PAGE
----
Living the Critical Mass

BY EMILY KRAACK
Daily Staff Reporter
Published March 23, 2005

Whether you live on North Campus, Central Campus or the Hill might affect how often you interact with students of other races.

Ken Srdjak
Percentage of campus-area populations that are underrepresented minorities (GRAPHIC BY MATTHEW DANIELS)
Ken Srdjak
Percentage of residence hall populations that are underrepresented minorities (GRAPHIC BY MATTHEW DANIELS)

While the odds of bumping into an underrepresented minority student are higher in the residence halls than they are on the campus as a whole, some dorms have higher concentrations of certain minority groups than others do, the University Housing demographics show.

Overall, about 11,000 students live in the residence halls. Almost 6,000 of those residents are first-year students, and many of the remaining students are second-year students.

While 11 percent of the incoming freshmen this year could be categorized as underrepresented minorities, according to fall enrollment statistics, a higher percentage — 14 percent — of students living in residence halls identify themselves as underrepresented minorities — black, Native American and Latino students.

The numbers come from student surveys and application information gathered by the Housing Information Office.

But it’s not the overall representation within the residence halls that has students questioning the racial makeup of on-campus housing — it’s the geographic distribution of underrepresented minority students that has led some students and administrators to question whether campus housing is increasingly isolating certain minority groups.

For example, 17.4 percent of students living in North Campus dorms are underrepresented minorities, compared with 13.3 percent on Central Campus and 13 percent on the Hill.

University Housing spokesman Alan Levy said the current housing assignment process does not use race as a factor in room assignments. Housing assignments for freshmen are made through a lottery in mid to late April. Levy said applications sent in after the lottery are assigned based on room availability, because some freshmen who have already requested rooms later decide to attend other schools, allowing previously assigned rooms to become available.

Levy added that incoming students are assigned rooms based on their preferences and room availability. Students can express preferences for substance-free housing, room type (such as double or triple) and campus neighborhood — North Campus, Central Campus or the Hill.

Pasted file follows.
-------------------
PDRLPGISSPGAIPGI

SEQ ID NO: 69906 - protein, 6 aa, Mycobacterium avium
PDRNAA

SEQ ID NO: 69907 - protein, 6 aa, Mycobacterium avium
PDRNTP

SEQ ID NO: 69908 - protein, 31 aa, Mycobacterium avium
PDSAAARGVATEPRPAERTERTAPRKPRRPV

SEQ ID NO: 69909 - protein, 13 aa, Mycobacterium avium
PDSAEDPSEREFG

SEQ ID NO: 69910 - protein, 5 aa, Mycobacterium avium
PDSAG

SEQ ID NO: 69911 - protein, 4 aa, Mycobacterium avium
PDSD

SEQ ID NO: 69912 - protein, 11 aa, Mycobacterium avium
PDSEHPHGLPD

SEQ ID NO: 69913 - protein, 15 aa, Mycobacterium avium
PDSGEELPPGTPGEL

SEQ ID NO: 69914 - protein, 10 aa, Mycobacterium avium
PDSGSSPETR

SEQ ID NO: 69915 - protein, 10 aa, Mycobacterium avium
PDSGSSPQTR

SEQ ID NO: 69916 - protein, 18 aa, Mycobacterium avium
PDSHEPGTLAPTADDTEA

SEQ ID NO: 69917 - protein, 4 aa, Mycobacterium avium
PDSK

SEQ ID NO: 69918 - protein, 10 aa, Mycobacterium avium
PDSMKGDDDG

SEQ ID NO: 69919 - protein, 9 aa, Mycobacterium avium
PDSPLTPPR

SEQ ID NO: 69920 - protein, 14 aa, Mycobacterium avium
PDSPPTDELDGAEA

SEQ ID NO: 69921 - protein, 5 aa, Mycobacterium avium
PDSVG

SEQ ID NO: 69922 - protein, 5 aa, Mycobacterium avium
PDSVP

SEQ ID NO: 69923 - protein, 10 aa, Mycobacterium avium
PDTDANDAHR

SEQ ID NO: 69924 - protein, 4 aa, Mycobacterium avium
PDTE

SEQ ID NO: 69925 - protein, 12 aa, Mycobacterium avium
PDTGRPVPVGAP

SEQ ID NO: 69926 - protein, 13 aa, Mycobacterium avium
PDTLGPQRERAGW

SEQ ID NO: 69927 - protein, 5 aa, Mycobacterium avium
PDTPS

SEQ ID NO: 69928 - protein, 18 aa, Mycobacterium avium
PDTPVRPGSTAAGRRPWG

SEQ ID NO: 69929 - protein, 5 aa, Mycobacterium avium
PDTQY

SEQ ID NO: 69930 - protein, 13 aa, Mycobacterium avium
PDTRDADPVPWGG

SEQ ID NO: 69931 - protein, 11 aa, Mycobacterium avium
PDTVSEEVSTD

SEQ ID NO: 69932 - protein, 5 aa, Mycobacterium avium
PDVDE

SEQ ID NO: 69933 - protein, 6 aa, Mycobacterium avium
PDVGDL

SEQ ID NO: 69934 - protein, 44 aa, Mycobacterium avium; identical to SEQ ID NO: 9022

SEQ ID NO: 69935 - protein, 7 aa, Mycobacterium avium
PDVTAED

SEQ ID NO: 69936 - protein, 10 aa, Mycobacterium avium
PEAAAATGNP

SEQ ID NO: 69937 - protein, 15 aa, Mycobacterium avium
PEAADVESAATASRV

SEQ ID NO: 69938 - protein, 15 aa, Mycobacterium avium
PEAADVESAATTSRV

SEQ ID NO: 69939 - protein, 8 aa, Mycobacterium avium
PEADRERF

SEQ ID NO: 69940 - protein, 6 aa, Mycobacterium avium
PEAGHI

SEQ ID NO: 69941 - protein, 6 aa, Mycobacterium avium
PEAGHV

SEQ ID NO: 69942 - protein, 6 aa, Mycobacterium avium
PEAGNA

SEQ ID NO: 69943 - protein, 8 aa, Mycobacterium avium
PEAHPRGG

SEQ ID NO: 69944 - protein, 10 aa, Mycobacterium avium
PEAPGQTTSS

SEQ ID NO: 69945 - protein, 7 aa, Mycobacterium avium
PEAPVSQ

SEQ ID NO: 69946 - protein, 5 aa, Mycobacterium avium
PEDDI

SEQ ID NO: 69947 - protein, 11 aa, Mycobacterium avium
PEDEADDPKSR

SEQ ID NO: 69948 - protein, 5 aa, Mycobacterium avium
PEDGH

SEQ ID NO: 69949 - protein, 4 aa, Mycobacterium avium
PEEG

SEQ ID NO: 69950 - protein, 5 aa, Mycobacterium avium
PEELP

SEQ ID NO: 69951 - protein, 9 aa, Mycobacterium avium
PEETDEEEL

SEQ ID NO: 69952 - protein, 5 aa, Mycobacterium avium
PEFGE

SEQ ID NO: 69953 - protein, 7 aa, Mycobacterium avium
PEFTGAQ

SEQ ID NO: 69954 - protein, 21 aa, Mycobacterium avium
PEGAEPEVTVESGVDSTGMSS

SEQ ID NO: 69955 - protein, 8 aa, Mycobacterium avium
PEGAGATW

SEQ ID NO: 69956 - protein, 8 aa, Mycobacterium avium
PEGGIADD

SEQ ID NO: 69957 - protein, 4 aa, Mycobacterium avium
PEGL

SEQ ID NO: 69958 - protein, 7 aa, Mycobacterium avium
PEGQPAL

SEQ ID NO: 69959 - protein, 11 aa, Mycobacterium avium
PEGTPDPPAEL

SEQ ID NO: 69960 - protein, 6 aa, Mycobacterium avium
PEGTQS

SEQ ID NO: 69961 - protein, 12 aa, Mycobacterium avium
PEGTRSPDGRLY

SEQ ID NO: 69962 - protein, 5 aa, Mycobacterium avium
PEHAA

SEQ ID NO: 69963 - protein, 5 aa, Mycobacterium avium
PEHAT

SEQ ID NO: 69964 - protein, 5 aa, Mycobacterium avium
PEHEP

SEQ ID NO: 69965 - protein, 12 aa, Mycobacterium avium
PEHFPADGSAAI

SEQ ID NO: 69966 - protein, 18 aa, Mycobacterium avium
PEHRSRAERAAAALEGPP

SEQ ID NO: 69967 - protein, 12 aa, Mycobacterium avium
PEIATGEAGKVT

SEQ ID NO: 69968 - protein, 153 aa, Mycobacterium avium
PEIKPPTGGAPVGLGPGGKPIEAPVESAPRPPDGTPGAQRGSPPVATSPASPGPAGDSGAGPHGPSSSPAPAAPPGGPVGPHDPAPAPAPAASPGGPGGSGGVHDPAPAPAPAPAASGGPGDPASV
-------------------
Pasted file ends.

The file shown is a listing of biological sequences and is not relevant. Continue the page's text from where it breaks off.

Levy said more first-year students are assigned to North Campus or single-sex residence halls than list these choices among their preferences. He said that if students make a request to live with a specific individual, they are more likely to be assigned a room on North Campus due to a shortage of available doubles on Central Campus.

Yet even without specifically using race as a factor in the housing process, racial distribution throughout the halls is uneven. For instance, Mary Markley Residence Hall, which has the highest proportion of first-year students (More than 93 percent of the dorm is freshman.) is only 6.7 percent underrepresented minorities. Black students make up only 3 percent of Markley, whereas 5.7 percent of the general freshman class this year was black. Levy called this distribution “something that would require more examination” and said he did not have specifics to explain this occurrence. Markley also has smaller-than-average populations of Asian and Latino students, making it the whitest dorm on campus. On admissions applications and housing surveys, about 74 percent of Markley’s residents indicated they are white, compared with 58 percent of the entire residence hall population.

In past years, the Baits Residence Halls on North Campus have housed a very large population of black students, who make up close to 30 percent of the Baits population. This year, 18 percent of the freshmen entering Baits were underrepresented minorities, far above the 11-percent representation of the incoming freshman class.

Ten percent of the freshmen in Baits are black, almost double the concentration of black students in the incoming freshman class.

Other residence halls show smaller demographic differences. Northwood I, II and III, which largely absorbed the upperclassmen from Baits this year, have a relatively high concentration of black students, while East Quad has a slightly smaller than average black population relative to the other dorms.